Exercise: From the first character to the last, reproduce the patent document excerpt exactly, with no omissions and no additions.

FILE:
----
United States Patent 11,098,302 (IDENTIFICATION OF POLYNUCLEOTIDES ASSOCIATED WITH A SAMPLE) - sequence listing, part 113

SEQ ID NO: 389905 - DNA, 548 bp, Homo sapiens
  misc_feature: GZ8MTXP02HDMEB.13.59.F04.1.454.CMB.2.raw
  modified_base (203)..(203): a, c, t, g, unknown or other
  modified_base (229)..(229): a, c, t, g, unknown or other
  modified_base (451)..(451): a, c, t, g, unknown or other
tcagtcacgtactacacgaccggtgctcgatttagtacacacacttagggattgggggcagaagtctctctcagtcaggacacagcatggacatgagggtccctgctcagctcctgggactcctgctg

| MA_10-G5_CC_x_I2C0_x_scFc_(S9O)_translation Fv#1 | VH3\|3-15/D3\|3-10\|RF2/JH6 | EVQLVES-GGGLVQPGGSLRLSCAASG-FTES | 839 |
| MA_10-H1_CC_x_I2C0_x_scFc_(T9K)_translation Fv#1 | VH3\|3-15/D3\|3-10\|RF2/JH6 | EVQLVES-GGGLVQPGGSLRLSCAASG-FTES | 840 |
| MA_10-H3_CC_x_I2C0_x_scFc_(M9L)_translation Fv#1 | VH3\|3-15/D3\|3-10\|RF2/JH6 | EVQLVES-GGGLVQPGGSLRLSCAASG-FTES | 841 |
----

United States Patent 11,098,302 (IDENTIFICATION OF POLYNUCLEOTIDES ASSOCIATED WITH A SAMPLE) - sequence listing, part 113

SEQ ID NO: 389905 - DNA, 548 bp, Homo sapiens
  misc_feature: GZ8MTXP02HDMEB.13.59.F04.1.454.CMB.2.raw
  modified_base (203)..(203): a, c, t, g, unknown or other
  modified_base (229)..(229): a, c, t, g, unknown or other
  modified_base (451)..(451): a, c, t, g, unknown or other
tcagtcacgtactacacgaccggtgctcgatttagtacacacacttagggattgggggcagaagtctctctcagtcaggacacagcatggacatgagggtccctgctcagctcctgggactcctgctg

| MA_10-G5_CC_x_I2C0_x_scFc_(S9O)_translation Fv#1 | VH3\|3-15/D3\|3-10\|RF2/JH6 | EVQLVES-GGGLVQPGGSLRLSCAASG-FTES | 839 |
| MA_10-H1_CC_x_I2C0_x_scFc_(T9K)_translation Fv#1 | VH3\|3-15/D3\|3-10\|RF2/JH6 | EVQLVES-GGGLVQPGGSLRLSCAASG-FTES | 840 |
| MA_10-H3_CC_x_I2C0_x_scFc_(M9L)_translation Fv#1 | VH3\|3-15/D3\|3-10\|RF2/JH6 | EVQLVES-GGGLVQPGGSLRLSCAASG-FTES | 841 |